“BATTLESHIP POTEMKIN” TURNS 90 (I)
Maksim SHTRAUKH. “Battleship Potemkin” production diary
“Potemkin”’s mise-en-scènes and mise-en-cadres
Eduard TISSE. The Russian cameraman. Translated by Naum Kleiman
The first part of the section dedicated to the 90th anniversary of Sergei Eisenstein’s classic film “Battleship Potemkin” (1925) includes two documents by members of the film crew: the diary of one of Eisenstein’s assistants, Maksim Shtraukh, and an article by the film’s cameraman, Eduard Tisse, for the German magazine “Filmkritik” (1927). They are supplemented by schemes for constructing mise-en-scènes and mise-en-cadres, which were probably created by Eisenstein’s students based on his analyses drafted for the “Direction” textbook.
Igor' AVDEEV. The mystery of one letter. A hypothesis
This account concerns establishing the exact place of birth of the noted Soviet film director of the 1920s, one of the founders of Belarusian cinema Yuri Tarich. Newly discovered facts stress significant changes that the director was forced to make in his biography due to the specifics of the political situation in the 1920s-30s.
Ksenia KOSENKOVA. “Britain is ready”. English film propaganda of the First World War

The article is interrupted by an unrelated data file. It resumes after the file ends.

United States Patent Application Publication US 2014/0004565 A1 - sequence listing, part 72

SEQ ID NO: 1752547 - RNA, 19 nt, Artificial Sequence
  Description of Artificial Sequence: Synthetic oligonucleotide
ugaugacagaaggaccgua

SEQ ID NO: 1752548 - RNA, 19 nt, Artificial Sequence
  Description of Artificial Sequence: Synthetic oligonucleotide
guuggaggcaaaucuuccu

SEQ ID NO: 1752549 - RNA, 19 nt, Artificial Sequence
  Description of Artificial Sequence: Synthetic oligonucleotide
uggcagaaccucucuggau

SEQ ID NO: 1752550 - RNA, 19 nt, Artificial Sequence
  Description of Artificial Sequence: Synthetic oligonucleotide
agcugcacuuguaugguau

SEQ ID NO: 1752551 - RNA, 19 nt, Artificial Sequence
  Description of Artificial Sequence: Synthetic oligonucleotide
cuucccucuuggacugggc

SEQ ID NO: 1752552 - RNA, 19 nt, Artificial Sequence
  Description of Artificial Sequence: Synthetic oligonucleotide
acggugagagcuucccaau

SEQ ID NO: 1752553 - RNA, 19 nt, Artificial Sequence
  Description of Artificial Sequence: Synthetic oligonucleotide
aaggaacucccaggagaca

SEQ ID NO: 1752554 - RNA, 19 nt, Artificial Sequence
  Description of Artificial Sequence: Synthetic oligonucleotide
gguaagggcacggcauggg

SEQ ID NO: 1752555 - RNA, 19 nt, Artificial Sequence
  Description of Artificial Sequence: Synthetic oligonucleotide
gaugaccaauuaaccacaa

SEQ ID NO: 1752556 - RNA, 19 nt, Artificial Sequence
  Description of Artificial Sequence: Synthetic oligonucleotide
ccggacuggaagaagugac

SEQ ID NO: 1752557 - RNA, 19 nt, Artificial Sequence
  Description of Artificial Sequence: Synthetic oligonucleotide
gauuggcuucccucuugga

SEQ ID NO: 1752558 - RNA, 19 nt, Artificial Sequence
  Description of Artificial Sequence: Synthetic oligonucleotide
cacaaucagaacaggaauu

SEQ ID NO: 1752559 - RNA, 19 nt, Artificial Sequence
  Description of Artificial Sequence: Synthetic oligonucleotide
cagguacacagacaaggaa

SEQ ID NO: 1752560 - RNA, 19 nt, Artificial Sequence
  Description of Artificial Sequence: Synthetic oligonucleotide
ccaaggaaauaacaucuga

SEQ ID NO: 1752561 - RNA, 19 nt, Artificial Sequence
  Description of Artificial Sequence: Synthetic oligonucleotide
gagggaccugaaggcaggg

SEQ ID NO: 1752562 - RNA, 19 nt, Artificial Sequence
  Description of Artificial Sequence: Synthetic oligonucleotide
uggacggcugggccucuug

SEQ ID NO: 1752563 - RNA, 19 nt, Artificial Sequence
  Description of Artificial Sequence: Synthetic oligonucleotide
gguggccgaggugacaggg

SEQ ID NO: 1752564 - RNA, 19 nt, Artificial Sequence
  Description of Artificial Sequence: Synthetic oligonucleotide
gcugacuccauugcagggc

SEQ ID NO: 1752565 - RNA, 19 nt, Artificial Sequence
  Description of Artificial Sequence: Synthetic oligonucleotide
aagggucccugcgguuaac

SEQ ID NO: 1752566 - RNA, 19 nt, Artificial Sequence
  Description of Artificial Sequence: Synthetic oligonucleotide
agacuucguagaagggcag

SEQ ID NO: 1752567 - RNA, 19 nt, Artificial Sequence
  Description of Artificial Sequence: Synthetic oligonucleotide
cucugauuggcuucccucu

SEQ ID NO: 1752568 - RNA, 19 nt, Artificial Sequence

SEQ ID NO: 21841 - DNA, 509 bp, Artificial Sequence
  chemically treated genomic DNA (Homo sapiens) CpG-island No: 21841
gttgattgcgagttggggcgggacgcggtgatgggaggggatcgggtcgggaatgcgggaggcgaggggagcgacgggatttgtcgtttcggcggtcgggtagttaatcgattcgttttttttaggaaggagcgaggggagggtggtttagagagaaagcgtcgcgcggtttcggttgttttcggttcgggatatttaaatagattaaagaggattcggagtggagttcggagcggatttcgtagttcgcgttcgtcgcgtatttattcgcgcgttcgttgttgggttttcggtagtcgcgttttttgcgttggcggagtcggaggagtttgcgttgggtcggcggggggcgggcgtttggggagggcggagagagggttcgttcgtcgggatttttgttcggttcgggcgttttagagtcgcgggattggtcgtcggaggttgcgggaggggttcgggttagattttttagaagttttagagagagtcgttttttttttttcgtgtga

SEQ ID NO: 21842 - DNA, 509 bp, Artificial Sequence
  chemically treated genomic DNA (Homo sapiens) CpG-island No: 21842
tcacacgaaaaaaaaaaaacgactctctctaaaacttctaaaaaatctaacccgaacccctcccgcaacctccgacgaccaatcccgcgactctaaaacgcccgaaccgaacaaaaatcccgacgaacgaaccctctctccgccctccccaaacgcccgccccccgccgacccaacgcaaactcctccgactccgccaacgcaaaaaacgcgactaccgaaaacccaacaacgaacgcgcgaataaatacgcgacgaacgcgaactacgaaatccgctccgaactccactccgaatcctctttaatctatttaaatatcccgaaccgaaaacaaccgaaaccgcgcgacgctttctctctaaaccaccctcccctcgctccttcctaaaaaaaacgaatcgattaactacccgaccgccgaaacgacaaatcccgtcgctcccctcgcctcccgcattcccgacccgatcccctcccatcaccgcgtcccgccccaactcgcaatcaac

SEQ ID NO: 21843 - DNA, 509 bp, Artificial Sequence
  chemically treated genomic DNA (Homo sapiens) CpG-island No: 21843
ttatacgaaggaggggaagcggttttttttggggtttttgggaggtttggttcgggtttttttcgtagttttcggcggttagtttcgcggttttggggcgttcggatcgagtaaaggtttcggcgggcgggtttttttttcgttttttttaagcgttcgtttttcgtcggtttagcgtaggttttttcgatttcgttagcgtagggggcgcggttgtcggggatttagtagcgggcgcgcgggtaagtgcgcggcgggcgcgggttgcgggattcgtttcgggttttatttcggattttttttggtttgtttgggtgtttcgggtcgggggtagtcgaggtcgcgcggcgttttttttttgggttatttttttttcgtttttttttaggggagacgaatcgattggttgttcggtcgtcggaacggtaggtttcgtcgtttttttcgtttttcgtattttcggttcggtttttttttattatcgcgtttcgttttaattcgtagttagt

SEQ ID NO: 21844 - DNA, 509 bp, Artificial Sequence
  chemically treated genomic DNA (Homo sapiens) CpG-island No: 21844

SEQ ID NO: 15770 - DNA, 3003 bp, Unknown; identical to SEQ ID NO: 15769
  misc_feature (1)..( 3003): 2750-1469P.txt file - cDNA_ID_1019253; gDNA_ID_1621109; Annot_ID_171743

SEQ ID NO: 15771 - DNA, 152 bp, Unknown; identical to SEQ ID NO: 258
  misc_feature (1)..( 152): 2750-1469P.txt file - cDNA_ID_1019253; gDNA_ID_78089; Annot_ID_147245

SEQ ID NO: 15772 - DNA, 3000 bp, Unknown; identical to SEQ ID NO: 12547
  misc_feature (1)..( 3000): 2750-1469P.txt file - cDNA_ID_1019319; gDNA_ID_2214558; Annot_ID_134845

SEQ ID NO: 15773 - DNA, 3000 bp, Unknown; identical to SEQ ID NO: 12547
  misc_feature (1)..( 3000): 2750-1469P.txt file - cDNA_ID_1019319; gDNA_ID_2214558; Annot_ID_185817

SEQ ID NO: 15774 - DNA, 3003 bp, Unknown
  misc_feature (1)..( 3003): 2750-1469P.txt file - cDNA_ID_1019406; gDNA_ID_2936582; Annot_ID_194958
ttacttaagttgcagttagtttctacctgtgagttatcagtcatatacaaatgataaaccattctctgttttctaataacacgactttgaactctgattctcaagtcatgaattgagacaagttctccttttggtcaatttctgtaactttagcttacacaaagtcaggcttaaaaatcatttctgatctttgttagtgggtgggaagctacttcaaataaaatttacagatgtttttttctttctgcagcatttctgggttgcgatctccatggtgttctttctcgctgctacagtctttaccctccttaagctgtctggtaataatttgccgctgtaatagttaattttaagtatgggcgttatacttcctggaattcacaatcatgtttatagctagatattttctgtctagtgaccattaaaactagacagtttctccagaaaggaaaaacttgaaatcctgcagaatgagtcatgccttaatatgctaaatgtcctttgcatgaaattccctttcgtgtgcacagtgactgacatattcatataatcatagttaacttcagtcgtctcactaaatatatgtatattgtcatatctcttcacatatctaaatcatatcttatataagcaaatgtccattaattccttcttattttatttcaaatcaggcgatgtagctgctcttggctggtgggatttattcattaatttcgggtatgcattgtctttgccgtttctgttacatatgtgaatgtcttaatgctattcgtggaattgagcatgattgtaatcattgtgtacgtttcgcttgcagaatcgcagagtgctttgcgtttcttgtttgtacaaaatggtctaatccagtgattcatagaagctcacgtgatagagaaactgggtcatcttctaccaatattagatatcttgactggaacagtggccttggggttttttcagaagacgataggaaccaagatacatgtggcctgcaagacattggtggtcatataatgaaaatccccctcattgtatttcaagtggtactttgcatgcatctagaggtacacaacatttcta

The article examines political, social, cultural, and, most importantly, cinematic features of state propaganda in the 1910s English cinema.
Vladimir MISLAVSKIY. Relationships between Sovkino and VUFKU in the 1920s
Based on a number of 1920s documents, the author describes the history of a drawn-out conflict between Sovkino and VUFKU, who for several years could not agree on the principles of mutual film distribution. VUFKU was afraid of falling into Sovkino’s subordination and therefore saw their collaboration in the field of distribution only in terms of purchase and sale. Sovkino instead insisted on the mutual exchange of films with subsequent allocation of a fixed percentage from each film’s profit. The normalization of Soviet distribution was only achieved after the State film and photo combine “Soyuzkino” was formed in 1930. As a result, all matters of distribution were centralized.
Maria BOGOMOLOVA. Andrey Platonov’s first film work. The history of “The Sand Teacher”’s film adaptation
Libretto of “The Sand Teacher” by Andrey Platonov. “Version № 6, final”. Introduction, publication, and commentary by Maria Bogomolova
The text, published here for the first time, is interesting not only as a document from the history of Russian cinema. It is a unique evidence of the close collaboration between the author and beginning scriptwriter Andrey Platonov and the master of Soviet screenwriting Viktor Shklovsky.
The publication is preceded by an article by a Platonov scholar, Maria Bogomolova: “Andrey Platonov’s first film work. The history of “The Sand Teacher”’s film adaptation”.
“BATTLESHIP POTEMKIN” TURNS 90 (II)
A sailor from “Potemkin” watches “Battleship Potemkin”. Observation of a viewer
Louis ARAGON. Battleship Potemkin. Translated by Vera Rumyantseva
Viktor SHKLOVSKY. Battleship Potemkin
Mikhail SHNEYDER. The great flagship
Adolf RUDNICKI. Circles. Translated by Miron Chernenko
Ryszard KRYNICKI. Battleship. Translated by Anna Mirkes-Radziwon and Vera Rumyantseva
Viktor LISTOV. “To understand an epigraph…”